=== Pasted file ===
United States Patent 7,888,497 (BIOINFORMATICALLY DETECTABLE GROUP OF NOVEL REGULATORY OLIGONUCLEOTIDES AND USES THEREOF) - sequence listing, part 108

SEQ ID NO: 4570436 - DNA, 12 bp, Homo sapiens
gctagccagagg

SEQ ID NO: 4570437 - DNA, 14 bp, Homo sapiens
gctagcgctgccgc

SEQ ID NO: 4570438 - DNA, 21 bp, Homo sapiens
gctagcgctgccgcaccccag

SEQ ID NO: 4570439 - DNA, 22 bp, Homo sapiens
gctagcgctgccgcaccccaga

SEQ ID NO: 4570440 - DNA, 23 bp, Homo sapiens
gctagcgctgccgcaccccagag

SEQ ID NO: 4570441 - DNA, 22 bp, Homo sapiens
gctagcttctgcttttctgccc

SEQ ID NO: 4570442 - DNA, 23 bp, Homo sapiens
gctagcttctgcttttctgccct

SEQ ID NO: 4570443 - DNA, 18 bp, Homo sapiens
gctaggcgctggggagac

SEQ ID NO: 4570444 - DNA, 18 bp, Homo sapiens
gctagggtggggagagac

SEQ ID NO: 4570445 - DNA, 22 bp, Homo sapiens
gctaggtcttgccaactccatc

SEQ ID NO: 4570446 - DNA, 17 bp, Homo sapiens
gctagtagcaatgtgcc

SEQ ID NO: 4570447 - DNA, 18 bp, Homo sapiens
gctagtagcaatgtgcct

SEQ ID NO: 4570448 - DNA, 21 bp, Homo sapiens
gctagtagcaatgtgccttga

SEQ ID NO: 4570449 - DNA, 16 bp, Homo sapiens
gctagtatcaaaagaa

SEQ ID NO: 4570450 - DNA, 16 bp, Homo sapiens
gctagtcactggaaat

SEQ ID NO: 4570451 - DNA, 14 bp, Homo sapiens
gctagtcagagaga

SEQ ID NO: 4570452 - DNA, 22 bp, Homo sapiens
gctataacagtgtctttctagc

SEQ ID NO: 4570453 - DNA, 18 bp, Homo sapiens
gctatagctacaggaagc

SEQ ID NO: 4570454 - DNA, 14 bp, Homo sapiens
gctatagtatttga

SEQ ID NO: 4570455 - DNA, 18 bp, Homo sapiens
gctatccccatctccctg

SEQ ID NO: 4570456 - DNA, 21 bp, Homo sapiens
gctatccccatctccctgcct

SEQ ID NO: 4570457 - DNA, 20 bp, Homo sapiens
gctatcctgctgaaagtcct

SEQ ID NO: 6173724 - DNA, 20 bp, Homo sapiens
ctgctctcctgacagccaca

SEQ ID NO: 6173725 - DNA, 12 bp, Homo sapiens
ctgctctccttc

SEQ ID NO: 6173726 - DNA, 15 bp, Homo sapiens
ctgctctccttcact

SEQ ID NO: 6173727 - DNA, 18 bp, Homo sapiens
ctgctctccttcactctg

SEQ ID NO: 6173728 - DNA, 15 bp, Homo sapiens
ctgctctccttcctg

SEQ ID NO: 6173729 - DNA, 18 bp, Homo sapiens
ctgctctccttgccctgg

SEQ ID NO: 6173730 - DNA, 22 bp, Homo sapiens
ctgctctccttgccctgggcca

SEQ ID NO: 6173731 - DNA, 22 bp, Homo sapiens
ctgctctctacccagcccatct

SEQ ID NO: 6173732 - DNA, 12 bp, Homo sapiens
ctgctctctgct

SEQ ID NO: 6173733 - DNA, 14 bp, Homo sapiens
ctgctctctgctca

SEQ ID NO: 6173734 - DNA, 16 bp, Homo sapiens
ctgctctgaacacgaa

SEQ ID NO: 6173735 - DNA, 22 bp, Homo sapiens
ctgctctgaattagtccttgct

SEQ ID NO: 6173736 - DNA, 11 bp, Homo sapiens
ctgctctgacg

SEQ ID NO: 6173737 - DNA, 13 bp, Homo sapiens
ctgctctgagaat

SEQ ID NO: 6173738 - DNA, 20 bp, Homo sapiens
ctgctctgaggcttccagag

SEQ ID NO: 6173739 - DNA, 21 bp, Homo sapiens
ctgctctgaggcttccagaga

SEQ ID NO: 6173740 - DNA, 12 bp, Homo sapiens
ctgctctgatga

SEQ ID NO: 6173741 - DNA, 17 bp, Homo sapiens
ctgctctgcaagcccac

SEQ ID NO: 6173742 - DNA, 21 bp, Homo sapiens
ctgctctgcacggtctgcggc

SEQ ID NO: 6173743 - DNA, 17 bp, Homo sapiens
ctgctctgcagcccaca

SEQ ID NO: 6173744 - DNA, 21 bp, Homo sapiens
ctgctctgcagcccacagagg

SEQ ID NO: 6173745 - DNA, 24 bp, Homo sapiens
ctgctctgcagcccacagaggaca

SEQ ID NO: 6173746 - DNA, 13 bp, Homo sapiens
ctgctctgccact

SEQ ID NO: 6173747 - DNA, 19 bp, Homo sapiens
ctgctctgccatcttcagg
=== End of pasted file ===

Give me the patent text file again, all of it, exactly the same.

United States Patent 7,888,497 (BIOINFORMATICALLY DETECTABLE GROUP OF NOVEL REGULATORY OLIGONUCLEOTIDES AND USES THEREOF) - sequence listing, part 108

SEQ ID NO: 4570436 - DNA, 12 bp, Homo sapiens
gctagccagagg

SEQ ID NO: 4570437 - DNA, 14 bp, Homo sapiens
gctagcgctgccgc

SEQ ID NO: 4570438 - DNA, 21 bp, Homo sapiens
gctagcgctgccgcaccccag

SEQ ID NO: 4570439 - DNA, 22 bp, Homo sapiens
gctagcgctgccgcaccccaga

SEQ ID NO: 4570440 - DNA, 23 bp, Homo sapiens
gctagcgctgccgcaccccagag

SEQ ID NO: 4570441 - DNA, 22 bp, Homo sapiens
gctagcttctgcttttctgccc

SEQ ID NO: 4570442 - DNA, 23 bp, Homo sapiens
gctagcttctgcttttctgccct

SEQ ID NO: 4570443 - DNA, 18 bp, Homo sapiens
gctaggcgctggggagac

SEQ ID NO: 4570444 - DNA, 18 bp, Homo sapiens
gctagggtggggagagac

SEQ ID NO: 4570445 - DNA, 22 bp, Homo sapiens
gctaggtcttgccaactccatc

SEQ ID NO: 4570446 - DNA, 17 bp, Homo sapiens
gctagtagcaatgtgcc

SEQ ID NO: 4570447 - DNA, 18 bp, Homo sapiens
gctagtagcaatgtgcct

SEQ ID NO: 4570448 - DNA, 21 bp, Homo sapiens
gctagtagcaatgtgccttga

SEQ ID NO: 4570449 - DNA, 16 bp, Homo sapiens
gctagtatcaaaagaa

SEQ ID NO: 4570450 - DNA, 16 bp, Homo sapiens
gctagtcactggaaat

SEQ ID NO: 4570451 - DNA, 14 bp, Homo sapiens
gctagtcagagaga

SEQ ID NO: 4570452 - DNA, 22 bp, Homo sapiens
gctataacagtgtctttctagc

SEQ ID NO: 4570453 - DNA, 18 bp, Homo sapiens
gctatagctacaggaagc

SEQ ID NO: 4570454 - DNA, 14 bp, Homo sapiens
gctatagtatttga

SEQ ID NO: 4570455 - DNA, 18 bp, Homo sapiens
gctatccccatctccctg

SEQ ID NO: 4570456 - DNA, 21 bp, Homo sapiens
gctatccccatctccctgcct

SEQ ID NO: 4570457 - DNA, 20 bp, Homo sapiens
gctatcctgctgaaagtcct

SEQ ID NO: 6173724 - DNA, 20 bp, Homo sapiens
ctgctctcctgacagccaca

SEQ ID NO: 6173725 - DNA, 12 bp, Homo sapiens
ctgctctccttc

SEQ ID NO: 6173726 - DNA, 15 bp, Homo sapiens
ctgctctccttcact

SEQ ID NO: 6173727 - DNA, 18 bp, Homo sapiens
ctgctctccttcactctg

SEQ ID NO: 6173728 - DNA, 15 bp, Homo sapiens
ctgctctccttcctg

SEQ ID NO: 6173729 - DNA, 18 bp, Homo sapiens
ctgctctccttgccctgg

SEQ ID NO: 6173730 - DNA, 22 bp, Homo sapiens
ctgctctccttgccctgggcca

SEQ ID NO: 6173731 - DNA, 22 bp, Homo sapiens
ctgctctctacccagcccatct

SEQ ID NO: 6173732 - DNA, 12 bp, Homo sapiens
ctgctctctgct

SEQ ID NO: 6173733 - DNA, 14 bp, Homo sapiens
ctgctctctgctca

SEQ ID NO: 6173734 - DNA, 16 bp, Homo sapiens
ctgctctgaacacgaa

SEQ ID NO: 6173735 - DNA, 22 bp, Homo sapiens
ctgctctgaattagtccttgct

SEQ ID NO: 6173736 - DNA, 11 bp, Homo sapiens
ctgctctgacg

SEQ ID NO: 6173737 - DNA, 13 bp, Homo sapiens
ctgctctgagaat

SEQ ID NO: 6173738 - DNA, 20 bp, Homo sapiens
ctgctctgaggcttccagag

SEQ ID NO: 6173739 - DNA, 21 bp, Homo sapiens
ctgctctgaggcttccagaga

SEQ ID NO: 6173740 - DNA, 12 bp, Homo sapiens
ctgctctgatga

SEQ ID NO: 6173741 - DNA, 17 bp, Homo sapiens
ctgctctgcaagcccac

SEQ ID NO: 6173742 - DNA, 21 bp, Homo sapiens
ctgctctgcacggtctgcggc

SEQ ID NO: 6173743 - DNA, 17 bp, Homo sapiens
ctgctctgcagcccaca

SEQ ID NO: 6173744 - DNA, 21 bp, Homo sapiens
ctgctctgcagcccacagagg

SEQ ID NO: 6173745 - DNA, 24 bp, Homo sapiens
ctgctctgcagcccacagaggaca

SEQ ID NO: 6173746 - DNA, 13 bp, Homo sapiens
ctgctctgccact

SEQ ID NO: 6173747 - DNA, 19 bp, Homo sapiens
ctgctctgccatcttcagg